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Behavior

Robotic manipulators are normally assigned to tasks that require execution of recurring motions in quasi static workspace. Thus the motions are mostly calculated in advance. Those preplanned Motions are replayed during task execution.

Whenever a robot is acting or moving within a dynamic environment such static motion planning becomes insufficient. To act according to changes the robot need sensors to observe its environment. The decision which action will be chosen according to the current sensor input is called behavior.

With rising potential of modern autonomous robots they become able to solve more and more complex tasks. Improved hardware design and better mechanic of aktuators enables modern robots to choose between more and more different actions to react to different situations resulting in a more complex and difficult task to decide which action is the most rewarding one. Thus behavior research becomes more and more important in modern robotics.

In the past behavior problems were mostly solved by application of classical approaches of Artificial Intelligence. The application of logical rules to a world model becomes more and more unsuitable with higher numbers of logical possibilities and  rising complexity of the world model.

This the research focus of our institute is the design of new methods to define behavior decisions, aiming to intuitively design even complex tasks. The next step would be to allow a robot to design its own behavior allowing learning and selfadaption with the help of Computational Intelligence techniques.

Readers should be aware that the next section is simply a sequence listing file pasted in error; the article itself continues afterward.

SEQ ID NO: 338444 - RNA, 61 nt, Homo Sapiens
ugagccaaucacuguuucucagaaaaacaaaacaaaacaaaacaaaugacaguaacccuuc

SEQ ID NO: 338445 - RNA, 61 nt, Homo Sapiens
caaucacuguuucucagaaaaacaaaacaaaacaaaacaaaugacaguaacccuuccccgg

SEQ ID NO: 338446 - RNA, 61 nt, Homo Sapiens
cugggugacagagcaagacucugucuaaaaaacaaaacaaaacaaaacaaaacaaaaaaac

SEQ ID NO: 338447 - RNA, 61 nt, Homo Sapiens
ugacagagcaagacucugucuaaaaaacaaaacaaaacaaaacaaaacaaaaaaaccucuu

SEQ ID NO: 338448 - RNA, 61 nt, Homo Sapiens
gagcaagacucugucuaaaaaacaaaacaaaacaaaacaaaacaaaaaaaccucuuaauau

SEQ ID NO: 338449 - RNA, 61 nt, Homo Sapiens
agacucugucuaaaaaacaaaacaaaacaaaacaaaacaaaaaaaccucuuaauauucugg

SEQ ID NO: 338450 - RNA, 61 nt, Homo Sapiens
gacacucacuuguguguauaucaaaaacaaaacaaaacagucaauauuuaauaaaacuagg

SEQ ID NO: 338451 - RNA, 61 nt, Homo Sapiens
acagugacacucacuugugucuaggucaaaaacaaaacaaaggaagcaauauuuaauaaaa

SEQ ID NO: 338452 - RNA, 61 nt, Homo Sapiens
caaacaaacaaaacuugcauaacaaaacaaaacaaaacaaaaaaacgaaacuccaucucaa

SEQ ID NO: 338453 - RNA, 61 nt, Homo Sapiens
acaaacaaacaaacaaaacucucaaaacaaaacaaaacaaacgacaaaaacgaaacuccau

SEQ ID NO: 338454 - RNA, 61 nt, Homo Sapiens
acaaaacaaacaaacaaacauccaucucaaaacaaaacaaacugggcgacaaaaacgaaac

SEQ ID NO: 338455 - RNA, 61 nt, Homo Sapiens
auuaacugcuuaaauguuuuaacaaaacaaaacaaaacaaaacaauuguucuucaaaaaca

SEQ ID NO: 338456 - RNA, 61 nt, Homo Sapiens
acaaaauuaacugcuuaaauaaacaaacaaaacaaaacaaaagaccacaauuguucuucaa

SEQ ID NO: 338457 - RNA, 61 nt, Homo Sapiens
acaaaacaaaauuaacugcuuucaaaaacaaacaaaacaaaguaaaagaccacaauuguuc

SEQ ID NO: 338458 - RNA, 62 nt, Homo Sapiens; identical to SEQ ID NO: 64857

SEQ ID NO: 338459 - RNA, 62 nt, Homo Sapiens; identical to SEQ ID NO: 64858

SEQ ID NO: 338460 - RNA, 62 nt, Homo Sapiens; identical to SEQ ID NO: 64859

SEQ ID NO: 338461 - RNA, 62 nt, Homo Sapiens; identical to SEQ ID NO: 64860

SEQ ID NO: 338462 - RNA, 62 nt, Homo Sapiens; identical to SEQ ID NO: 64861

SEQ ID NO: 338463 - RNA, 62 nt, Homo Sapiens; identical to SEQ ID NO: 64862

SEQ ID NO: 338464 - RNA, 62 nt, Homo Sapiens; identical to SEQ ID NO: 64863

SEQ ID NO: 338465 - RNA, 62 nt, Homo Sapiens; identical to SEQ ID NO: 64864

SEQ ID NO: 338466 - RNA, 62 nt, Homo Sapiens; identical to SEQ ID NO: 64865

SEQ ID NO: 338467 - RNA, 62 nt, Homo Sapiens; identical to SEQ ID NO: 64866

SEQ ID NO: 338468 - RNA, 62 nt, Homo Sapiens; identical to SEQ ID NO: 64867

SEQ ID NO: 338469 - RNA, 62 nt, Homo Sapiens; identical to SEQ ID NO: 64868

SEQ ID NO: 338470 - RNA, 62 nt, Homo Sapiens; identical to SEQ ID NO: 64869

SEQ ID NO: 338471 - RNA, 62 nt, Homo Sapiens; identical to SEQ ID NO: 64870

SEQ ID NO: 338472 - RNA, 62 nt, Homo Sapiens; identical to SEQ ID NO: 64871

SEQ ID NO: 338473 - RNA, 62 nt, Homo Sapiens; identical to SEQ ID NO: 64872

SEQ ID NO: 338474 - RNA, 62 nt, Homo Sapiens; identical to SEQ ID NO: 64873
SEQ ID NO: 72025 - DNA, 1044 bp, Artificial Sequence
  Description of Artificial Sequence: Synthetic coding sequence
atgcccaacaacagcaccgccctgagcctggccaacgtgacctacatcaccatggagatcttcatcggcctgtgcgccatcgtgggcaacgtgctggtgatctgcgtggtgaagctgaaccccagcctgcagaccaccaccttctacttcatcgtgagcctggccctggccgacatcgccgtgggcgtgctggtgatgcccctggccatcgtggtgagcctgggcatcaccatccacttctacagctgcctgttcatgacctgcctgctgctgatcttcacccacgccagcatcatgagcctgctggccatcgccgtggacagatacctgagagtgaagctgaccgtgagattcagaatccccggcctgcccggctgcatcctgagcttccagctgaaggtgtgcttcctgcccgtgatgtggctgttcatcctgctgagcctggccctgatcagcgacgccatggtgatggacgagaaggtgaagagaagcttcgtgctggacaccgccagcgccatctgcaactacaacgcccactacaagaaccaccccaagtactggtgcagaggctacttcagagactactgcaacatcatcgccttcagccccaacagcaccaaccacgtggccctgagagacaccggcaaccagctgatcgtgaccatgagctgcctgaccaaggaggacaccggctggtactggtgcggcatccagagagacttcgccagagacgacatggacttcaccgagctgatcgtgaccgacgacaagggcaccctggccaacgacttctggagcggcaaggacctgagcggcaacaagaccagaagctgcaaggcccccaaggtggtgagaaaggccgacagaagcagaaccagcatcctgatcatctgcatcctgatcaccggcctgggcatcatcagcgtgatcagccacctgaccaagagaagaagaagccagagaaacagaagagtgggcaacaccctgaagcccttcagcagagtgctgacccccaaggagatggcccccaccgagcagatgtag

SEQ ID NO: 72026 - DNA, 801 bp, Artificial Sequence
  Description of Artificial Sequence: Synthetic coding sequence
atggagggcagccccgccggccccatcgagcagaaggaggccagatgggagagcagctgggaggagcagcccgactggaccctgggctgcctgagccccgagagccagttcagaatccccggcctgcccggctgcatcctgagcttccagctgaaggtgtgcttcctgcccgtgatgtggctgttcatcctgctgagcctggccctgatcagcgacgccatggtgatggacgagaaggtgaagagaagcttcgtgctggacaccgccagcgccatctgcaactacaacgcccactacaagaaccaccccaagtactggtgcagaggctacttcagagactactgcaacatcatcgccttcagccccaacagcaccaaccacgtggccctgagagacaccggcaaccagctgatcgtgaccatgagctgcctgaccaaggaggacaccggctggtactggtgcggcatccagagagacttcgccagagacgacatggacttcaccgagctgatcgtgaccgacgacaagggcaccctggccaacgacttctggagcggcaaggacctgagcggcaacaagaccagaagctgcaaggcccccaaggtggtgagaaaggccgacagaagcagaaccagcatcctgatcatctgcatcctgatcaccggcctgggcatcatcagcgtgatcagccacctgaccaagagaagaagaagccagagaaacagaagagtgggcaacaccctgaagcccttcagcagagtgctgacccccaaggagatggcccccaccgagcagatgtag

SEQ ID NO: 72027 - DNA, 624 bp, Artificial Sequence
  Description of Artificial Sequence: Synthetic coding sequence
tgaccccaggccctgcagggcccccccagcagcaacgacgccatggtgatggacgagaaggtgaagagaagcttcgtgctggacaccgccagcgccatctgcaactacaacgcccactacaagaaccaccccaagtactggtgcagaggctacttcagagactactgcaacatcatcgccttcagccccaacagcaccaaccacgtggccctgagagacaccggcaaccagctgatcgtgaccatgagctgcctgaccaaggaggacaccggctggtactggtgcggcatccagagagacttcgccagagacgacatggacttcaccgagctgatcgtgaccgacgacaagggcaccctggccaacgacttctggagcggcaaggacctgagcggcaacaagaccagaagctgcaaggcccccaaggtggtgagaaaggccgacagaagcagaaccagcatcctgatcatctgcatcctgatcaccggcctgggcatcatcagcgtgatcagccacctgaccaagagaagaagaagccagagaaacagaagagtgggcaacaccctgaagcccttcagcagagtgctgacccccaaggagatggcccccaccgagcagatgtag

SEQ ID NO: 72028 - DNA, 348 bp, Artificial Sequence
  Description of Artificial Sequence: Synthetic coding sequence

XABSL

Extensible Agent Behavior Specification Language (XABSL) represents a programming language especially designed to specify robotic behavior. A set of state machines, the options, represents possible situations. An decision tree, containing all option, helps to choose the right action according to the current sensor input. These options can be developed independently and are easy to specify with the help of the XABSL syntax. Since the same input in the same state results in the same action the behavior cannot adapt or learn according to the situations.

Since the developed behavior is represented by a tree structure its easy to visualize. The possibility to visualize decisions with the help of transitions between tree nodes aids the programmer in debugging the behavior and detect faulty design of decisions.

The Robotics Research Institute has successfully utilized XABSL based behavior specifications for many years in different leagues of the RoboCup.

 

Adaptive Behavior

Many approaches to behavior design are approaches static in nature. A once specified behavior is not changed during execution, resulting in the same decisions every time. Even if a decision results in a faulty action in a specific situations the same action would be chosen if the same situation occures again leaving the robot without the possibility to correct it's error

Thus the  current research of our institute focuses on approaches to behavior design, which are more flexible allowing a self-adaptation and learning on the part of the robot. Thereby we have to distinguish between approaches that learn offline, before behavior execution, and online, during behavior execution.

Different methods of the research field of Computational Intelligence can be applied to design such behaviors. A very promising research project is the application of behavior-networks. Those make decisions about which action is to choose purposeful according to the current situation with the help of activation-funktions. Therefore a network containing aim- and competence-nodes is generated. The aim-nodes describe worldstates, the roboter wants to achieve. Competence-nodes describe the robots abilities under specific conditions. Each competence also contains expected effects which will most likely occur if the competence is activated. If an effect is expected to make aim true or false these nodes are connected. With the help of these edges an activation potential is distributed along the network which decides which action will be chosen.

This approach is a promising solution to integrate learning by demontartion  the design of the network is very flexible in itself and allows an easy adaptation by altering the activation weights.